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Discussion Starter · #1 ·
Who among us owns a .22 LR rifle and would like to try it in a match?
I shot a 50-foot "NRA Light Rifle" match a few days ago, for the first time ever,
and it was fun. I did pretty well, since I actually practice shooting from the standing / unsupported offhand position. So many shooters I know are dependent on bipods or shooting benches.

For folks who like shooting from the SITTING (or Kneeling) and PRONE positions, there are matches that feature using rimfire rifles in those ways, as well as standing. Some matches for .22 rifles are prone-only, but I've seen those guys shoot-- they can keep groups the size of a dime at 50 yards. I don't know if I want to even try to play that came and run with those big dogs, knowing I'll come in last.

Finally, Riverbend Gun Club in Dawsonville (also close to Canton and Cumming) has a "200 yard rimfire" match a few times per year, and it's shot from the prone position, all slow-fire (over one minute per shot). They even put up two targets to account for the huge bullet drop at 200 yards. If your gun is properly sighted-in at 100 yards, you should be able to aim at the top bullseye you see at 200 yards and the bullets will drop into the black of the lower target, a few feet directly below it. Of course you may have to make a few minor adjustments of your sights to make your groups well-centered that day, but you'll be in the scoring rings with your first shot.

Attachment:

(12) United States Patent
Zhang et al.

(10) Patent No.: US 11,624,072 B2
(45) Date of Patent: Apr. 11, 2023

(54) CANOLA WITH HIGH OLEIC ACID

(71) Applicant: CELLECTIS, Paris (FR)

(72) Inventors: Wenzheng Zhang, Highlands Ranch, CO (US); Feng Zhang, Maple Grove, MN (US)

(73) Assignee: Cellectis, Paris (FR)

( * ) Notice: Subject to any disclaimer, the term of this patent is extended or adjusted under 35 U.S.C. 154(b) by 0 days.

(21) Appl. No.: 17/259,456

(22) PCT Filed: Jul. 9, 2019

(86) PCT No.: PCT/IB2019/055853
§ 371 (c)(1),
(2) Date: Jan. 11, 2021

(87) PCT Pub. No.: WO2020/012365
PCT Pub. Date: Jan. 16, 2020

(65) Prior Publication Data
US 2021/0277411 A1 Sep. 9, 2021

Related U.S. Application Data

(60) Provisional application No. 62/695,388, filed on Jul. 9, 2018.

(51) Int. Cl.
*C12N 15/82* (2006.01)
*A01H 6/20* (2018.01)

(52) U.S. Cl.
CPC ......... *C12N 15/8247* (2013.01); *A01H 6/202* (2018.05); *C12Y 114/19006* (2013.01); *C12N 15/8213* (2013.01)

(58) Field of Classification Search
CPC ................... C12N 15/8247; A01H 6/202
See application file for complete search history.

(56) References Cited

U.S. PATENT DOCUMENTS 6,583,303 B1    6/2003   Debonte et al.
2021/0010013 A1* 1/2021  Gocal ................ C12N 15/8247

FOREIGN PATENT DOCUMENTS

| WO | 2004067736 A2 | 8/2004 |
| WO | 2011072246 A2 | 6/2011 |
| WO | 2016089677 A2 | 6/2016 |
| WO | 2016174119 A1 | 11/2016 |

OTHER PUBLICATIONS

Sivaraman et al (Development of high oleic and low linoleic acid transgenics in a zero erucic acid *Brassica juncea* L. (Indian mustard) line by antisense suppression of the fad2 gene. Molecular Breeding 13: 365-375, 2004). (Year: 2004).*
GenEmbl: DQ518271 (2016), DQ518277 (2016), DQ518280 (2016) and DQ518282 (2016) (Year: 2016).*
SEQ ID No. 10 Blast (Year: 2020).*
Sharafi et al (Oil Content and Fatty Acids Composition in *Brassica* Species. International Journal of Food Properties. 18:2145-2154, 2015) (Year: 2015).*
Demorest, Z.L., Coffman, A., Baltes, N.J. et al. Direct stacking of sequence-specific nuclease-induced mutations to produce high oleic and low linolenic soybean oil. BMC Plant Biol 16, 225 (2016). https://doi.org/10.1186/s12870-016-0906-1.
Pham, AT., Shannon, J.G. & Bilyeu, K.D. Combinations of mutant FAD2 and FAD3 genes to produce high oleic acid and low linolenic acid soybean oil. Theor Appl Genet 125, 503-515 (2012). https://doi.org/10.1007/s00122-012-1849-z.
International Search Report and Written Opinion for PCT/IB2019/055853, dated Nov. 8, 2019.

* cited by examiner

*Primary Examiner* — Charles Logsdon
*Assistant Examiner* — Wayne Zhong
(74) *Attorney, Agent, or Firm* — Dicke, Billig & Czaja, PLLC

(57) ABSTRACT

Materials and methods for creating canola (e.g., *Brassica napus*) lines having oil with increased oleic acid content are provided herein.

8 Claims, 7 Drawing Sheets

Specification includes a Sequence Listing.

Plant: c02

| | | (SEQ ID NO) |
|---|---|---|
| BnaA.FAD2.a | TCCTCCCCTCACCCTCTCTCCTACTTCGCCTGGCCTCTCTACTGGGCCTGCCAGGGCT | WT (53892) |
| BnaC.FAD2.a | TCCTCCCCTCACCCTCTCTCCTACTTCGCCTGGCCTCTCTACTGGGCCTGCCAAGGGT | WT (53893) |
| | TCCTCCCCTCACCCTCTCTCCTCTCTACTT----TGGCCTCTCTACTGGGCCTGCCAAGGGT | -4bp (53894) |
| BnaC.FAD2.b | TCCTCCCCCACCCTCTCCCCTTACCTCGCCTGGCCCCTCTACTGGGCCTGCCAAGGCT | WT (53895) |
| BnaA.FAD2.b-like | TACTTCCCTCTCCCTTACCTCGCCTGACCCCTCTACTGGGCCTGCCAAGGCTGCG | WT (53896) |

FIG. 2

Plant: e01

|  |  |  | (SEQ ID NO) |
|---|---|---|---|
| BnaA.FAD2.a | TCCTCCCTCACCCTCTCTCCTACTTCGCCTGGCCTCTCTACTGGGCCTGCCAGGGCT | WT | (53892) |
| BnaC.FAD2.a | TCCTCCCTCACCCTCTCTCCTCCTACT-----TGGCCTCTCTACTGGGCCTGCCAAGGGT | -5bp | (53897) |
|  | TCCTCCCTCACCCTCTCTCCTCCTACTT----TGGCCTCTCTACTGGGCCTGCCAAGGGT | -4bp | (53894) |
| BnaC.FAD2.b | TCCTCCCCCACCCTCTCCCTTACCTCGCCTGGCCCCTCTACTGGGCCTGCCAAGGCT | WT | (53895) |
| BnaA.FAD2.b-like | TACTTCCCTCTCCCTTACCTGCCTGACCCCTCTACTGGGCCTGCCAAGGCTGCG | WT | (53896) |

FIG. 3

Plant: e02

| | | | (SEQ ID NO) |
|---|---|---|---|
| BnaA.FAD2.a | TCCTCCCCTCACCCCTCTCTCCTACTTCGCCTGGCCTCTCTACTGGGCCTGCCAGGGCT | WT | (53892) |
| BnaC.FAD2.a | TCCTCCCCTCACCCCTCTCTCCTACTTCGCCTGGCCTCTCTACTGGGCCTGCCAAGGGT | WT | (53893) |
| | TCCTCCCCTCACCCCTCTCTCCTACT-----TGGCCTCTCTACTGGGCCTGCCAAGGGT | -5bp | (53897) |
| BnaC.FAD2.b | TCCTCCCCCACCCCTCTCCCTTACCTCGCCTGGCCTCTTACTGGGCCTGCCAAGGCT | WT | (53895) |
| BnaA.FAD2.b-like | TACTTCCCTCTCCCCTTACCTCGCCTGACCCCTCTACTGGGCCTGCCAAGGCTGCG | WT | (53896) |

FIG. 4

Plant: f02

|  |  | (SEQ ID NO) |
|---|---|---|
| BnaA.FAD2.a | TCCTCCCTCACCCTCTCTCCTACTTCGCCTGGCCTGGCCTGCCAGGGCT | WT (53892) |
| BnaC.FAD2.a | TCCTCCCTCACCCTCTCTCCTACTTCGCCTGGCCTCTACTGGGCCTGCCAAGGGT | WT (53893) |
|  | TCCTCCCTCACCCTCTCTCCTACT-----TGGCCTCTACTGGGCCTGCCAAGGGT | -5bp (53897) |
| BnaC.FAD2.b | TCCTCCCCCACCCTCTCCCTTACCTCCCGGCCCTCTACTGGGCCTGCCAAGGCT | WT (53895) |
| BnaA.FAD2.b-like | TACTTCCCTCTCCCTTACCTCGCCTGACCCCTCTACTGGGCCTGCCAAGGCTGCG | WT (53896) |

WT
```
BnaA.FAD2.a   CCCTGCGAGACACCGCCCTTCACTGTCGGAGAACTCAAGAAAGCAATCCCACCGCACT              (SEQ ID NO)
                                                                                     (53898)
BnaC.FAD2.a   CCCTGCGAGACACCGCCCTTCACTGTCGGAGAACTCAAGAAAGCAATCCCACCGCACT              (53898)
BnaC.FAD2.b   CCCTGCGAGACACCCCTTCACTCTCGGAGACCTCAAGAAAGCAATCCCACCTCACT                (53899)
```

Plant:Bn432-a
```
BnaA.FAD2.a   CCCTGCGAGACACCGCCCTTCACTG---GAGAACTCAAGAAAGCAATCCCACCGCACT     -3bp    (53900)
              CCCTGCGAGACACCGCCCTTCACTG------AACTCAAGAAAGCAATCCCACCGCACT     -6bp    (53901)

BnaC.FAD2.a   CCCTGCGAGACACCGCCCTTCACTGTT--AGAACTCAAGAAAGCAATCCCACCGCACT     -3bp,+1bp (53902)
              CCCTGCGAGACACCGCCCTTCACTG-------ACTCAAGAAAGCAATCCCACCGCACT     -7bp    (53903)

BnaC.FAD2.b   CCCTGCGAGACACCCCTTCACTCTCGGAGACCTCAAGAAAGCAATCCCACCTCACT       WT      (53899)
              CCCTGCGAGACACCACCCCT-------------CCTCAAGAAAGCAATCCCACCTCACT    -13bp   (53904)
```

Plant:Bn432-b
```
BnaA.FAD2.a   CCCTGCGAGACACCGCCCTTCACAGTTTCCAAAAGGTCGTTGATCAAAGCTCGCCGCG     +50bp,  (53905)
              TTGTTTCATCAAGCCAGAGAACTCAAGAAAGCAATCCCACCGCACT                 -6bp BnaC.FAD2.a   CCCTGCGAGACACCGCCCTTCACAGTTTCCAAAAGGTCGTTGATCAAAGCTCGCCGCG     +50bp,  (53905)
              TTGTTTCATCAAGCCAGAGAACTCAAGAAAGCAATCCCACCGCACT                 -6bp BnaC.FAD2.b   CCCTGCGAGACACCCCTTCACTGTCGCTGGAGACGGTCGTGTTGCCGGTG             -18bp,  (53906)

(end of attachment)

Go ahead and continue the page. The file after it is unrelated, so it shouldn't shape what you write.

I'm open to going to other gun clubs and ranges if some of you have a favorite place in mind.

Who wants to go shooting together?

-Kurt-
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Discussion Starter · #2 ·
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This pic is from the Riverbend Gun Club's website, in the "Shooting Venues" section,
in the "200 yard rimfire" subsection.
That's me in the blue cap, with my modified 10/22 with aperture sights front and rear,
in a Fajen Legacy adjustable stock. I didn't win, or even come close, but I got a lot more hits in the black than in the white!